Uni develops water quality test techniques
Scientists in the Highlands have come up with techniques to understand levels of illegal drugs in river or sea water.
Tests were done on samples taken from wastewater in Caithness to prove the methods developed at the University of the Highlands and Islands (UHI) worked.
Cocaine, morphine, methadone and a chemical in cannabis, were detected.
Researchers said the effects of illegal drugs and medicines such as paracetamol on water quality and ecology needed to be clearly understood.
Prof Stuart Gibb, of the Environmental Research Institute at Thurso's North Highland College UHI, supervised the development of what he described as highly sensitive techniques to detect 29 compounds that enter the marine environment through wastewater.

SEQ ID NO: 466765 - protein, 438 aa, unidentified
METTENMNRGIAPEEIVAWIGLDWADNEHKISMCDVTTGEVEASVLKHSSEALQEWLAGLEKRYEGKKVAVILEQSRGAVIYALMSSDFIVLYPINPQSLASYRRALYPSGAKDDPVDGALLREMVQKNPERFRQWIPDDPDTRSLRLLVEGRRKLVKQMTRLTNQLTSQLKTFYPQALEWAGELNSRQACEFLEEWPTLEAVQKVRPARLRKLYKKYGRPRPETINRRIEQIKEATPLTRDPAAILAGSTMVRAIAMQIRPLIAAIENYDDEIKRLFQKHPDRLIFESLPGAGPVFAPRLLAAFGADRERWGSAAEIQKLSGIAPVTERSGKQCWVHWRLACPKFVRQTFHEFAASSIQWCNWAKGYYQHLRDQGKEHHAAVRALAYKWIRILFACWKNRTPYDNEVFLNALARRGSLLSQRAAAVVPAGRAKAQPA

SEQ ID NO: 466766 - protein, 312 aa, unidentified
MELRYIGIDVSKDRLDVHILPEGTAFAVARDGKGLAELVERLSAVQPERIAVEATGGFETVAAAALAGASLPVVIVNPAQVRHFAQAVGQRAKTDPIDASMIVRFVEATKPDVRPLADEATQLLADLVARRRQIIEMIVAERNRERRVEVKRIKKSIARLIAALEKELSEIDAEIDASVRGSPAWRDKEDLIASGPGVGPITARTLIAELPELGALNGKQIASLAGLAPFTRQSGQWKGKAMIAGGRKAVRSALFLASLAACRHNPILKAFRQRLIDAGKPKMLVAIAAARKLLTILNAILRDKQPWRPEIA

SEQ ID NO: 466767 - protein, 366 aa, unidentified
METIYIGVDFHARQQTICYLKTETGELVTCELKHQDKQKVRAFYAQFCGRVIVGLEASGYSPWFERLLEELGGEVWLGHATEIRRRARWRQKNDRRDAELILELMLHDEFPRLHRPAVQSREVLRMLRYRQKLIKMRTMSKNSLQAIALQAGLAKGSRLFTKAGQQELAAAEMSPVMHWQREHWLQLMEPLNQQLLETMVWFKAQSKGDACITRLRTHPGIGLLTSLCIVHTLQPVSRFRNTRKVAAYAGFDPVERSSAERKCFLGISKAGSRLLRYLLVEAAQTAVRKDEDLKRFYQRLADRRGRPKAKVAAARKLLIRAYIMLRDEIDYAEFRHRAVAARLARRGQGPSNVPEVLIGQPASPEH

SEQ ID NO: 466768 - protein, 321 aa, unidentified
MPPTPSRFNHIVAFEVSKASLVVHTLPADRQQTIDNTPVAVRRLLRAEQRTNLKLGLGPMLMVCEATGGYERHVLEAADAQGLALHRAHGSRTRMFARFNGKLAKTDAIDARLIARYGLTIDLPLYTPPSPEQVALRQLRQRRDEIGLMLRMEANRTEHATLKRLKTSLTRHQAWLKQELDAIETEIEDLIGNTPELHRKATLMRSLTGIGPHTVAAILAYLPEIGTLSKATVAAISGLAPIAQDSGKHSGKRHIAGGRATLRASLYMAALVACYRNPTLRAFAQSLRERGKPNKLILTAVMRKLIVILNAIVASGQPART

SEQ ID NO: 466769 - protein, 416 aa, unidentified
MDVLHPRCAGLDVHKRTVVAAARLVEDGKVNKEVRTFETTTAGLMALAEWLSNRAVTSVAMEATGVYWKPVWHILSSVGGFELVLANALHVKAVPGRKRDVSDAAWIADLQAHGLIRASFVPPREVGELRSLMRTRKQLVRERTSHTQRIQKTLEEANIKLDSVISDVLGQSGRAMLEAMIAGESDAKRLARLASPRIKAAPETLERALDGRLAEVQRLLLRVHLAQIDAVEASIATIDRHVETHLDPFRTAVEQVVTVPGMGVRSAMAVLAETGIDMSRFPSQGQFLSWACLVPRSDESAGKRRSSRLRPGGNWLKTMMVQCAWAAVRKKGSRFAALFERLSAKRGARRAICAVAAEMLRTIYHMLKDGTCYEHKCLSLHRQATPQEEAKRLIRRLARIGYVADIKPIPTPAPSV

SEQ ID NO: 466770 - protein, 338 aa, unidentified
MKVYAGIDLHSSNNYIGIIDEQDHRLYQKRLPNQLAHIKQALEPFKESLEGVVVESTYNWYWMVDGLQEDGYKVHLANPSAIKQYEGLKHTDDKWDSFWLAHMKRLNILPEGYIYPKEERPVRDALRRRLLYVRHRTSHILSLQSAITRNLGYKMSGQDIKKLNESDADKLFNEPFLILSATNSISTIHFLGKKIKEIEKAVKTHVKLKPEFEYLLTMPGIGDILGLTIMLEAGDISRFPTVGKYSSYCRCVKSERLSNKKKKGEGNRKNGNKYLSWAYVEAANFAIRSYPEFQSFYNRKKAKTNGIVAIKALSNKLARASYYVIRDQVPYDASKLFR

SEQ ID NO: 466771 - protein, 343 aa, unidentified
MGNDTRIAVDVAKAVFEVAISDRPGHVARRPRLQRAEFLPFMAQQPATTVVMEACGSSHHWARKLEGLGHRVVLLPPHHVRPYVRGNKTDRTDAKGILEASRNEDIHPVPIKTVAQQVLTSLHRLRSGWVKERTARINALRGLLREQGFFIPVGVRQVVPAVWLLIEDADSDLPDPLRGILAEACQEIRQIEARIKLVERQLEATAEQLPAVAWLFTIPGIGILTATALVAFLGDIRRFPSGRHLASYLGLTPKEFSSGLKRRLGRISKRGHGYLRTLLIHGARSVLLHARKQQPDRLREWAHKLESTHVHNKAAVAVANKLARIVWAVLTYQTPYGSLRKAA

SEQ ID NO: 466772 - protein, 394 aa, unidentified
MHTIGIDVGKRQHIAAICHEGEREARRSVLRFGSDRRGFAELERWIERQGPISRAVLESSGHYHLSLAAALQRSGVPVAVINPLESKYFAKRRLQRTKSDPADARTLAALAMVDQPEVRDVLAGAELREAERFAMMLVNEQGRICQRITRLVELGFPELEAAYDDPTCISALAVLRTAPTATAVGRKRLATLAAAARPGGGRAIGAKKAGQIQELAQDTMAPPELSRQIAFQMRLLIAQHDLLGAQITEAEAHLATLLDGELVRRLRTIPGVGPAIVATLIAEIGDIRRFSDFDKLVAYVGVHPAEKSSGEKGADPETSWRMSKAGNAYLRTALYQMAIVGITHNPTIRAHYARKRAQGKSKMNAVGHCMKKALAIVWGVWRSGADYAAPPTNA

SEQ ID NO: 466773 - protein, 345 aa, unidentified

Once UHI's research is published and accepted by the science community, the hope is for the detection techniques to be used across Scotland.
The researchers, including Emmanouil Paraskevas, developed a technique to detect 22 compounds found in licensed pharmaceuticals and also seven representative of illicit drugs.
Prof Gibb said: "The compounds may not break down in the human body, or through the process of wastewater treatment.
"There is no legislation at present against the compounds from entering the environment."
He said the work being done at the Environmental Research Institute could lead to ways of better preventing the compounds from reaching rivers and seas.